Search for Names, Places and Biographies
Already layed Stumbling Stones
Ferdinand Buhk * 1909
Rothenhauschaussee 217 (Bergedorf, Bergedorf)
tot nach Folter 1934 KZ Fuhlsbüttel
Ferdinand Buhk, born 2 Nov. 1909 in Hamburg, possible suicide 14 Sep. 1934 in the Fuhlsbüttel concentration camp
Ferdinand Buhk was the illegitimate child of Emilie Buhk (*16 Apr. 1887 in Besenhorst near Lüneburg) and the painter Wladislaus Surdukowski (*21 May 1889 in Gniezno, Poland). He lived with his mother until he was eight years old, when the child welfare agency gave custody to his father. Thereafter he lived with his father in Bergedorf at Rothenhauschaussee 217. He became a mechanical engineer.
In the 1930s he worked at Weil & Reineke, a manufacturer of technical items, at Grüner Deich 108. He was a member of the Republikanische Pfadfinder, a youth organization similar to the Boy Scouts with close ties to the SPD (Social Democratic Party of Germany), and of the International Organization of Good Templars. He left the Pfadfinder in 1931 to join the Communist Youth Organization of Germany (KJVD). He went on outings and participated in training courses with the Bergedorf KJVD group. When the Nazi Party took power and Communist organizations were banned, he remained with the KJVD in the underground.
On 26 March 1933, Ferdinand Buhk and other members of the group were arrested when they were caught painting anti-Nazi slogans on houses and streets. They were taken to the Schwarzenbek prison, where the director allowed friends to supply them with food. Ferdinand Buhk was charged with "conspiracy to commit high treason”, but the charges were dropped on 29 May 1933 and it didn’t come to a trial. The group was released at the end of April.
After this experience, Ferdinand Buhk became the political leader of the Bergedorf KJVD group. With the help of an informant in the regional leadership of the organization, the Gestapo arrested a young woman from the group. Under the pressure of a Gestapo interrogation, she named other members of the group.
Ferdinand Buhk and some of his comrades were arrested on 13 September 1934. He was interrogated and severely maltreated in the Hamburg Gestapo headquarters at Stadthausbrücke. That evening he was transferred to the Fuhlsbüttel concentration camp. He was given his morning ration of coffee the next morning at 7:00, and the guards loosened the shackles on his wrists enough so that he could drink it. He was found dead in his cell at 8 a.m. He had allegedly hanged himself with his handkerchief on the hook of the air vent. The district attorney’s office questioned the official cause of death, "suicide by hanging,” instituted proceedings, and had the body examined.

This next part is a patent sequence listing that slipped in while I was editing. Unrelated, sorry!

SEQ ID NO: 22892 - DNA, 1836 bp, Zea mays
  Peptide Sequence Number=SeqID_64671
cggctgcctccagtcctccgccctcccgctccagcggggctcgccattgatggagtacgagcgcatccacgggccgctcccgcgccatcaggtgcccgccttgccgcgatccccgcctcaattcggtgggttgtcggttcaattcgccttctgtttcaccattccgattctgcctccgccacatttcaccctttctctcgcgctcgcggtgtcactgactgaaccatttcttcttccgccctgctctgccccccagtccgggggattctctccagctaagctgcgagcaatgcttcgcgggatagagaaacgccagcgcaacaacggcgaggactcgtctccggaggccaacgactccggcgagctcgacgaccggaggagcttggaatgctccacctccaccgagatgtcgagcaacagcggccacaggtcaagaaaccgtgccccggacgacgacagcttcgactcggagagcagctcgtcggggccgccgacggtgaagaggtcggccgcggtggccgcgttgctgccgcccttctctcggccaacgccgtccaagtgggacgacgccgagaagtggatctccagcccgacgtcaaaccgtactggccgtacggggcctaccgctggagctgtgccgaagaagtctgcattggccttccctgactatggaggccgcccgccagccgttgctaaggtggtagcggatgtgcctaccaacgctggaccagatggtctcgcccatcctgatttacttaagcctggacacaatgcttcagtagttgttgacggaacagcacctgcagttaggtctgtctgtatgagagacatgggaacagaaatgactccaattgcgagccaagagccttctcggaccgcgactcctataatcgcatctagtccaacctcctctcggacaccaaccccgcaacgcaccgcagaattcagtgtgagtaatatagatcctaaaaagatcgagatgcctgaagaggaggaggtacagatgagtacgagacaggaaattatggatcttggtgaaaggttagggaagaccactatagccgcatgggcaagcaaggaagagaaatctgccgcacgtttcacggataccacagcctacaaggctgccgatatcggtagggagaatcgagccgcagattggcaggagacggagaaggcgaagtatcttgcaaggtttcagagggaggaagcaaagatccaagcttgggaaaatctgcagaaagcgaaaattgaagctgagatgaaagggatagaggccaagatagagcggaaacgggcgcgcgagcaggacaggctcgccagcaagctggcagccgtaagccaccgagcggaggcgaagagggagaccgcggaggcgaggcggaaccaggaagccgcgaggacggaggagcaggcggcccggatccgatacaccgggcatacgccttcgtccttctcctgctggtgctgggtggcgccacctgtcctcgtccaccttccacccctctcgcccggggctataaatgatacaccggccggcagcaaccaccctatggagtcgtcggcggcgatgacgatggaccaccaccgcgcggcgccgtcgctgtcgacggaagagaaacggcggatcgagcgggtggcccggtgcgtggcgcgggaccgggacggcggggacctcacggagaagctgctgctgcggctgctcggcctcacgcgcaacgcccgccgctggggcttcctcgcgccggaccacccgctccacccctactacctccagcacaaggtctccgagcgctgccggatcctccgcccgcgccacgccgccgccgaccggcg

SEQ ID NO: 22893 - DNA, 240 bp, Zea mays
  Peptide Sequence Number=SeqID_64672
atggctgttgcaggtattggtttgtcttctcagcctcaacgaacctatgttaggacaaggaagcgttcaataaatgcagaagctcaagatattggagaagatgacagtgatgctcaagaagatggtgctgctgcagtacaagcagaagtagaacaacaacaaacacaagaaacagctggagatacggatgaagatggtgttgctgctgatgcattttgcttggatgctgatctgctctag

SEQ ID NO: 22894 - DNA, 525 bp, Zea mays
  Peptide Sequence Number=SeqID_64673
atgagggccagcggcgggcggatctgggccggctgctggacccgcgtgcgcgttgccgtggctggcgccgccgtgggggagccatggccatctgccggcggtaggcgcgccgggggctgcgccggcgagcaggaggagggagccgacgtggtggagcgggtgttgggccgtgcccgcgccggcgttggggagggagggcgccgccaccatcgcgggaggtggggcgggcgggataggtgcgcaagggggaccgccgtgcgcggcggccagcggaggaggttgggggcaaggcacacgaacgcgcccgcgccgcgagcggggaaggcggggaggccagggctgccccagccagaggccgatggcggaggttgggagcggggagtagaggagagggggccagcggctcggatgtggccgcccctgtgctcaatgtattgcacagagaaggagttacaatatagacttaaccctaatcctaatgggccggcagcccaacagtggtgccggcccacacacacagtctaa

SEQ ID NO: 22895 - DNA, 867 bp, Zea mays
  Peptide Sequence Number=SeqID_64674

The autopsy report by Johannes Rode, commandant of Fuhlsbüttel states: "The examination of the body of Buhk by the camp medic and myself showed that Buhk must have received blows to the buttocks during his interrogation at Gestapo headquarters. The buttocks are bruised and have welts on both sides. I advise against allowing family members to see the body, and the body should be transferred immediately to the crematorium.” At the insistence of the District Attorney, the body was examined once more at the Hafenkrankenhaus. The medical examiners there reported severe maltreatment, and certified the cause of death as "death by hanging.” The investigation was closed, and the District Attorney was put on leave by the Hamburg Minister of Justice, Curt Rothenberger.
After the war, Wladislaus Surdukowski submitted a request to the Restitution Agency for a parent’s pension as a surviving dependant. The request was denied because the records containing the official recognition of his paternity could not be found, and because his son was illegitimate, he was not considered to be a relative according to the restitution law.
Translator: Amy Lee
Kindly supported by the Hermann Reemtsma Stiftung, Hamburg.
© Björn Eggert, Ulrike Sparr
Quellen: StaH 332-5, 9867 142-1934; StaH 351-11, 11495; StaH, Auskunft von Herrn Bollmann, Mail 17.08.2010; FZH, 353-38, Kolafu, Pol. Verfahren Buhk; Alfred Dreckmann, In Bergedorf war alles genauso (Bergedorfer Schlosshefte 9), 2. Aufl., Bergedorf 2004, S. 177ff; Herbert Diercks, Gedenkbuch Kola-Fu, Hamburg 1987, Seite 16f; VVN /BdA Fuhlsbüttel-Langenhorn-Norderstedt, Gestapo-Gefängnis Fuhlsbüttel, Hamburg 1983, S. 63; Ursel Hochmuth, Gertrud Meyer, Streiflichter aus dem Hamburger Widerstand, Frankfurt 1980.